NFL

Week 9's most controversial calls

Officiating expert Mike Pereira talks about a call in the Cowboys-Seahawks game.
Officiating expert Mike Pereira talks about a call in the Cowboys-Seahawks game.
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Mike Pereira

Mike Pereira was the NFL's Vice President of Officiating from 2004-09, having spent the five seasons previous to that as the league's Director of Officiating. He also served as an NFL game official when he acted as a side judge for two seasons (1997-98). Follow him on Twitter.

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We’re halfway through the NFL season and I’m not sure which is more surprising, the fact that San Francisco is 7-1 or that the 49ers’ new coach, Jim Harbaugh, got more face time Sunday on FOX than Kim Kardashian gets in her reality show.

I’m not saying Harbaugh hasn’t done a great job, because he has. But he seems to protest more than those demonstrating in Occupy Wall Street.

The cameras found him on seemingly every penalty — and San Francisco was penalized nine times. I really can’t blame the director, because quite frankly, Harbaugh was good drama. Except, of course, for those who were officiating the game.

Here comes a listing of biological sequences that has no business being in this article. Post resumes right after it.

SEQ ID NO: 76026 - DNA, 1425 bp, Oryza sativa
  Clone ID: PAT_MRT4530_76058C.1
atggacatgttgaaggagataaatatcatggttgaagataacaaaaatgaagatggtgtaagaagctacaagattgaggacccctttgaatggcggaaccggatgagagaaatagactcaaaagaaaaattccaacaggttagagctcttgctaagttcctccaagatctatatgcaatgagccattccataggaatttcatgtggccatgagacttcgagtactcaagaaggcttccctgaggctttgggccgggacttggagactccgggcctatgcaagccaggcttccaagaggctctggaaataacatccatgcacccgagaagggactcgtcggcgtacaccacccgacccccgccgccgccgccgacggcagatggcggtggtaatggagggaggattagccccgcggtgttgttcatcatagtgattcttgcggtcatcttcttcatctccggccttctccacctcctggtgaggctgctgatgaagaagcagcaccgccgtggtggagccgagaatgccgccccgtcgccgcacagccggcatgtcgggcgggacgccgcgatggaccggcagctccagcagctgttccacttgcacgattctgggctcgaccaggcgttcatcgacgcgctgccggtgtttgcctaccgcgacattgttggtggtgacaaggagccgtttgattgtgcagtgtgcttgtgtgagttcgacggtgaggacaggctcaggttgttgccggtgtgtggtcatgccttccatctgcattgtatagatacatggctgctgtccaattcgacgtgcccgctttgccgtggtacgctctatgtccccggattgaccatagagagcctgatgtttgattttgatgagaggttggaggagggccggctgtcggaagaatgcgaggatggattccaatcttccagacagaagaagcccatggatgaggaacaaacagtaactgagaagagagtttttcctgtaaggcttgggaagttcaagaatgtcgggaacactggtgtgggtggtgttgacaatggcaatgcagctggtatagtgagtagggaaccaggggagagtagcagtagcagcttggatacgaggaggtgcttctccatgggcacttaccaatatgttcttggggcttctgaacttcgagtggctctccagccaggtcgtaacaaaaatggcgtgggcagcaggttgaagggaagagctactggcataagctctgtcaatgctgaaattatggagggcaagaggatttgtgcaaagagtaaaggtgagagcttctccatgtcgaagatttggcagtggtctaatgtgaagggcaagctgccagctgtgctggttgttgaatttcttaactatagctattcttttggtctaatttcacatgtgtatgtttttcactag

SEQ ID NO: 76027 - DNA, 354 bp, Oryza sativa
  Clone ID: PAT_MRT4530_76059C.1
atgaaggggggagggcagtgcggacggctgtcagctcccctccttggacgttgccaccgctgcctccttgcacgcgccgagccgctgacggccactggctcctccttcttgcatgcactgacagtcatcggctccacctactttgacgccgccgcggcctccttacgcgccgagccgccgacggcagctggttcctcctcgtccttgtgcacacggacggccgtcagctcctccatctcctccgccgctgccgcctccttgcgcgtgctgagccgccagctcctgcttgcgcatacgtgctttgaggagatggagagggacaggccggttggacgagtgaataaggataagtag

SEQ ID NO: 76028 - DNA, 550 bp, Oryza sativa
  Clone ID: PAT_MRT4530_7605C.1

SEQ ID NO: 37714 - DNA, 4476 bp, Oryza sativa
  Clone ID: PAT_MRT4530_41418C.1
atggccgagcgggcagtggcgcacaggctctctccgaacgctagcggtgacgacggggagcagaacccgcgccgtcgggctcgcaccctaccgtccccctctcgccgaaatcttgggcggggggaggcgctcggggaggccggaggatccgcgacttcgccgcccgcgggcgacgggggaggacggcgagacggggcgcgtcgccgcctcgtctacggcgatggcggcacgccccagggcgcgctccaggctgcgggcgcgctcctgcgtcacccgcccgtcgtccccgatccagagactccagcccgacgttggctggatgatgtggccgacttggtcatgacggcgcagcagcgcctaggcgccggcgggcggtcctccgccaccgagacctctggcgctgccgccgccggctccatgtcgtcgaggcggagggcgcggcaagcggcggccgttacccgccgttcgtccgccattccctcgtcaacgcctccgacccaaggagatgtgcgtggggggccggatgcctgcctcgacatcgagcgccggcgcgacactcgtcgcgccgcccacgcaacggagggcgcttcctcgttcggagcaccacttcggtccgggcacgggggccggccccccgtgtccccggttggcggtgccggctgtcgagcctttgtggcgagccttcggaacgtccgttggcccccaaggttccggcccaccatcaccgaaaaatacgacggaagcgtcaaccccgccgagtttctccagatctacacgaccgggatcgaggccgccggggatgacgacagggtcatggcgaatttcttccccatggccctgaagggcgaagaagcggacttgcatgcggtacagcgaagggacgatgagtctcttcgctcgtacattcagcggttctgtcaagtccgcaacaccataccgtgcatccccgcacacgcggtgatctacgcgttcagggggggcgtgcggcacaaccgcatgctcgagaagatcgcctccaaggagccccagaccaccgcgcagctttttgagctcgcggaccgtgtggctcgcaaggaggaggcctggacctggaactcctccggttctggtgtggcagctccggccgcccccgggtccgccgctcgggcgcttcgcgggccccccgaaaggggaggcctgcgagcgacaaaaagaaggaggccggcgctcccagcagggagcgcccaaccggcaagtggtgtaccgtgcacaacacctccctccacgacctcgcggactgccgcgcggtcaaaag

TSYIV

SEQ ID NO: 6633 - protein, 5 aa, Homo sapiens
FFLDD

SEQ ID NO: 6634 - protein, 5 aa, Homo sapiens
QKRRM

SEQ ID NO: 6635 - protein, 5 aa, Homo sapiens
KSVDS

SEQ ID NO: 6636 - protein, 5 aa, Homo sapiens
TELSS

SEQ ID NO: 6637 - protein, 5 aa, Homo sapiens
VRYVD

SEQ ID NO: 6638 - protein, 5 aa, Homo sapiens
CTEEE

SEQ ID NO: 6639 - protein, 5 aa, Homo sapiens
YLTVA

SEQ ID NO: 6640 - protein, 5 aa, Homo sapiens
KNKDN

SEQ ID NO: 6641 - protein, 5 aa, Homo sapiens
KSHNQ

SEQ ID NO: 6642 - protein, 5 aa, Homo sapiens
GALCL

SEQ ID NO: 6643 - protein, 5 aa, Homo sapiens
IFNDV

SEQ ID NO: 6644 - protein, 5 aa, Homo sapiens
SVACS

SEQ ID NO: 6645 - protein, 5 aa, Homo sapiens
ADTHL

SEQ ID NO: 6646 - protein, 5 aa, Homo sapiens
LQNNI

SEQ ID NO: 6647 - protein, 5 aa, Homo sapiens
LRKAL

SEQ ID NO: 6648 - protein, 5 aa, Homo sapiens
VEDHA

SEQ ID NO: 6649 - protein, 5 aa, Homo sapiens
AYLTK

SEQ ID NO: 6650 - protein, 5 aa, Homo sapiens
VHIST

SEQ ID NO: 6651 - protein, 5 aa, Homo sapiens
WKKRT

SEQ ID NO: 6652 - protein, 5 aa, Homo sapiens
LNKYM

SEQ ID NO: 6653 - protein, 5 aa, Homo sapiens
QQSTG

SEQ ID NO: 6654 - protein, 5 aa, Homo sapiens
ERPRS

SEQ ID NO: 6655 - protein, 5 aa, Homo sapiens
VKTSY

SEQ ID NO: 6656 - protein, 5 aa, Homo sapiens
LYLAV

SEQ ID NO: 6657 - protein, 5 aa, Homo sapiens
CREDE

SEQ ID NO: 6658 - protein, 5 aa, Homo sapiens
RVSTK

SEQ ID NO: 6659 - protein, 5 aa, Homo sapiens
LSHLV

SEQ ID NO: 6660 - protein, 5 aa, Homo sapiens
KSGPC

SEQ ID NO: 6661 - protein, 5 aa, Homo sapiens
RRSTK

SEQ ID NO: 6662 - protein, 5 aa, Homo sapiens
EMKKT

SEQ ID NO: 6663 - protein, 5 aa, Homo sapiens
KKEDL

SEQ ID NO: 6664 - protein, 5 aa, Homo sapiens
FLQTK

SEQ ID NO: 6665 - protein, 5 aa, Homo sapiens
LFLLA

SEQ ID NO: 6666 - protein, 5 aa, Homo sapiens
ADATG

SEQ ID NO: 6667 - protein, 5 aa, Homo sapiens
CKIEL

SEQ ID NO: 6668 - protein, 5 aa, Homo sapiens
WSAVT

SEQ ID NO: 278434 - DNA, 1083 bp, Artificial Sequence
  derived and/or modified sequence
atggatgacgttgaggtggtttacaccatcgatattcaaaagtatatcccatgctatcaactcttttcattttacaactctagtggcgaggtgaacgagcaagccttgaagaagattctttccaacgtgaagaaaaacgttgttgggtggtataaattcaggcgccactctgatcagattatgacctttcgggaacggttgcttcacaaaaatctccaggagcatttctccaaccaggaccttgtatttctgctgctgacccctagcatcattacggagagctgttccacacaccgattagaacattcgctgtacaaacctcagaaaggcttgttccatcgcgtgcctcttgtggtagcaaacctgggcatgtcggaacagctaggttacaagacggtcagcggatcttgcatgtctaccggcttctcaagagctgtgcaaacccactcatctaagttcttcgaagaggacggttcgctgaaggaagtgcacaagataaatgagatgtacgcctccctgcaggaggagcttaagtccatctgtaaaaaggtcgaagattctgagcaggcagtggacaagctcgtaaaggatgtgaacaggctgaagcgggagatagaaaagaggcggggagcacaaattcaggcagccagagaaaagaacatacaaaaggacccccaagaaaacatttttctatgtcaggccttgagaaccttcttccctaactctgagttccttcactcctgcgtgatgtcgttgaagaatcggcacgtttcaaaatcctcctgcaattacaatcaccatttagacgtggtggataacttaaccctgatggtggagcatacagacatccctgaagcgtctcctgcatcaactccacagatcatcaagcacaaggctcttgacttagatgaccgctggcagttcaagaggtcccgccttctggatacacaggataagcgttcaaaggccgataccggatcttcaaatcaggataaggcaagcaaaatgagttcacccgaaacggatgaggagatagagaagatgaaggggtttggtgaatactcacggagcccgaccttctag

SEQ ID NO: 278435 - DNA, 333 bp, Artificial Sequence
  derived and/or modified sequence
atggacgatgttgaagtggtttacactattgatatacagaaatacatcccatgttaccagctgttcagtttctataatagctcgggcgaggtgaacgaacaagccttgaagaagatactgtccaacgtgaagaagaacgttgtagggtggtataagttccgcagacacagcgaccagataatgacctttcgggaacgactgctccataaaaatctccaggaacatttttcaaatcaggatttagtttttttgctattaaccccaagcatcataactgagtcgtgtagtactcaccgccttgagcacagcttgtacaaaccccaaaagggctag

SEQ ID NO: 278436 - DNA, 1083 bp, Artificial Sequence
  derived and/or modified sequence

There were two interesting plays in this game that I wanted to point out, one happening near the end of each half:

--First half: San Francisco had the ball, fourth-and-1 at the Washington 11-yard line with 1:55 left in the second quarter. San Francisco led 10-0. The 49ers were called for a false start penalty, making it fourth-and-6 from the 16-yard line. The 49ers had to settle for a field goal.

MY TAKE: This was a false start. It was fourth-and-1 and we have seen teams make sudden shifts, just trying to draw the defense offside. We call this a "no play shift." And you penalize the shifting team.